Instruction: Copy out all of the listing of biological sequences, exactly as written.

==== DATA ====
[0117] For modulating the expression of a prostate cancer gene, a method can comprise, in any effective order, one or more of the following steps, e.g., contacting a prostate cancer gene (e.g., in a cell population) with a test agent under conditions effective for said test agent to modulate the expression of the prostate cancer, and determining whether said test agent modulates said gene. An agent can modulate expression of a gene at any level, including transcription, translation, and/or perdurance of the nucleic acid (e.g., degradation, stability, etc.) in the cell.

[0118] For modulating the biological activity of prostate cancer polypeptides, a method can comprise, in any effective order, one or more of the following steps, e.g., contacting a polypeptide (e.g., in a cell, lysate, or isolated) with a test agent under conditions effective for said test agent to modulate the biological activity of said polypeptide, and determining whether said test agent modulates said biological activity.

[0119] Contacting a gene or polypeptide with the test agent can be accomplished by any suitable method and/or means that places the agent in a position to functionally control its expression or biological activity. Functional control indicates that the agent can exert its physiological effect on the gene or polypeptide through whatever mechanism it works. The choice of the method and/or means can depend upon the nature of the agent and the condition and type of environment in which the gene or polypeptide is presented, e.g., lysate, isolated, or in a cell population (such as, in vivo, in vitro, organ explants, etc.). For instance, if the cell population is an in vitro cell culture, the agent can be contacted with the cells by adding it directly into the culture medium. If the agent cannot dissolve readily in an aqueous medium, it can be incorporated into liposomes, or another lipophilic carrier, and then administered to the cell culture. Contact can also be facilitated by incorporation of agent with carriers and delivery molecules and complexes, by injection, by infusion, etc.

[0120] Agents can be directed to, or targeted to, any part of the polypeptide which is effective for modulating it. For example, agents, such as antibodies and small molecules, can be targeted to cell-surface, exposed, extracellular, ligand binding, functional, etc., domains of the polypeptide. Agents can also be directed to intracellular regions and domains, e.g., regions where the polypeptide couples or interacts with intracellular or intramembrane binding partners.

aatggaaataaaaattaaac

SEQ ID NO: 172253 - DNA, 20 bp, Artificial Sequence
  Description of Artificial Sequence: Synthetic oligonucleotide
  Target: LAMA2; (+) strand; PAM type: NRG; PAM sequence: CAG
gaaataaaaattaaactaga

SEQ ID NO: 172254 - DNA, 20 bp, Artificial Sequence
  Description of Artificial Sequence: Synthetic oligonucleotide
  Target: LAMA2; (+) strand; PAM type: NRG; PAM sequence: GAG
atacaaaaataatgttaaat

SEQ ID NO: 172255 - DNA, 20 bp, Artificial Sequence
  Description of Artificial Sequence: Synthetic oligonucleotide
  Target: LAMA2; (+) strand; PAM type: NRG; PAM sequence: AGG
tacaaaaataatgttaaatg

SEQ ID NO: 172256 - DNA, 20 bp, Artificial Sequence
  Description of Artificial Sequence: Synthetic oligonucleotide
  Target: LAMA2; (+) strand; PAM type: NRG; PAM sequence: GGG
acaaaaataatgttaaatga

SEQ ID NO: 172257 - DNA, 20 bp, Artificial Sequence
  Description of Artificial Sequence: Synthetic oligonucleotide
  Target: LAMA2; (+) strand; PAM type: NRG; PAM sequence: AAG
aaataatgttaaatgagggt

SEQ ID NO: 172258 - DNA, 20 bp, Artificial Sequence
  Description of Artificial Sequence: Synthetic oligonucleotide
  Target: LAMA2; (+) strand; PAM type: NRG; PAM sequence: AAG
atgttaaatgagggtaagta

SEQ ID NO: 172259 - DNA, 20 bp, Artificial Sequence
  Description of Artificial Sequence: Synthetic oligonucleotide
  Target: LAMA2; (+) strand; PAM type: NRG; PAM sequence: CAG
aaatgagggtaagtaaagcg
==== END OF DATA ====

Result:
[0117] For modulating the expression of a prostate cancer gene, a method can comprise, in any effective order, one or more of the following steps, e.g., contacting a prostate cancer gene (e.g., in a cell population) with a test agent under conditions effective for said test agent to modulate the expression of the prostate cancer, and determining whether said test agent modulates said gene. An agent can modulate expression of a gene at any level, including transcription, translation, and/or perdurance of the nucleic acid (e.g., degradation, stability, etc.) in the cell.

[0118] For modulating the biological activity of prostate cancer polypeptides, a method can comprise, in any effective order, one or more of the following steps, e.g., contacting a polypeptide (e.g., in a cell, lysate, or isolated) with a test agent under conditions effective for said test agent to modulate the biological activity of said polypeptide, and determining whether said test agent modulates said biological activity.

[0119] Contacting a gene or polypeptide with the test agent can be accomplished by any suitable method and/or means that places the agent in a position to functionally control its expression or biological activity. Functional control indicates that the agent can exert its physiological effect on the gene or polypeptide through whatever mechanism it works. The choice of the method and/or means can depend upon the nature of the agent and the condition and type of environment in which the gene or polypeptide is presented, e.g., lysate, isolated, or in a cell population (such as, in vivo, in vitro, organ explants, etc.). For instance, if the cell population is an in vitro cell culture, the agent can be contacted with the cells by adding it directly into the culture medium. If the agent cannot dissolve readily in an aqueous medium, it can be incorporated into liposomes, or another lipophilic carrier, and then administered to the cell culture. Contact can also be facilitated by incorporation of agent with carriers and delivery molecules and complexes, by injection, by infusion, etc.

[0120] Agents can be directed to, or targeted to, any part of the polypeptide which is effective for modulating it. For example, agents, such as antibodies and small molecules, can be targeted to cell-surface, exposed, extracellular, ligand binding, functional, etc., domains of the polypeptide. Agents can also be directed to intracellular regions and domains, e.g., regions where the polypeptide couples or interacts with intracellular or intramembrane binding partners.

aatggaaataaaaattaaac

SEQ ID NO: 172253 - DNA, 20 bp, Artificial Sequence
  Description of Artificial Sequence: Synthetic oligonucleotide
  Target: LAMA2; (+) strand; PAM type: NRG; PAM sequence: CAG
gaaataaaaattaaactaga

SEQ ID NO: 172254 - DNA, 20 bp, Artificial Sequence
  Description of Artificial Sequence: Synthetic oligonucleotide
  Target: LAMA2; (+) strand; PAM type: NRG; PAM sequence: GAG
atacaaaaataatgttaaat

SEQ ID NO: 172255 - DNA, 20 bp, Artificial Sequence
  Description of Artificial Sequence: Synthetic oligonucleotide
  Target: LAMA2; (+) strand; PAM type: NRG; PAM sequence: AGG
tacaaaaataatgttaaatg

SEQ ID NO: 172256 - DNA, 20 bp, Artificial Sequence
  Description of Artificial Sequence: Synthetic oligonucleotide
  Target: LAMA2; (+) strand; PAM type: NRG; PAM sequence: GGG
acaaaaataatgttaaatga

SEQ ID NO: 172257 - DNA, 20 bp, Artificial Sequence
  Description of Artificial Sequence: Synthetic oligonucleotide
  Target: LAMA2; (+) strand; PAM type: NRG; PAM sequence: AAG
aaataatgttaaatgagggt

SEQ ID NO: 172258 - DNA, 20 bp, Artificial Sequence
  Description of Artificial Sequence: Synthetic oligonucleotide
  Target: LAMA2; (+) strand; PAM type: NRG; PAM sequence: AAG
atgttaaatgagggtaagta

SEQ ID NO: 172259 - DNA, 20 bp, Artificial Sequence
  Description of Artificial Sequence: Synthetic oligonucleotide
  Target: LAMA2; (+) strand; PAM type: NRG; PAM sequence: CAG
aaatgagggtaagtaaagcg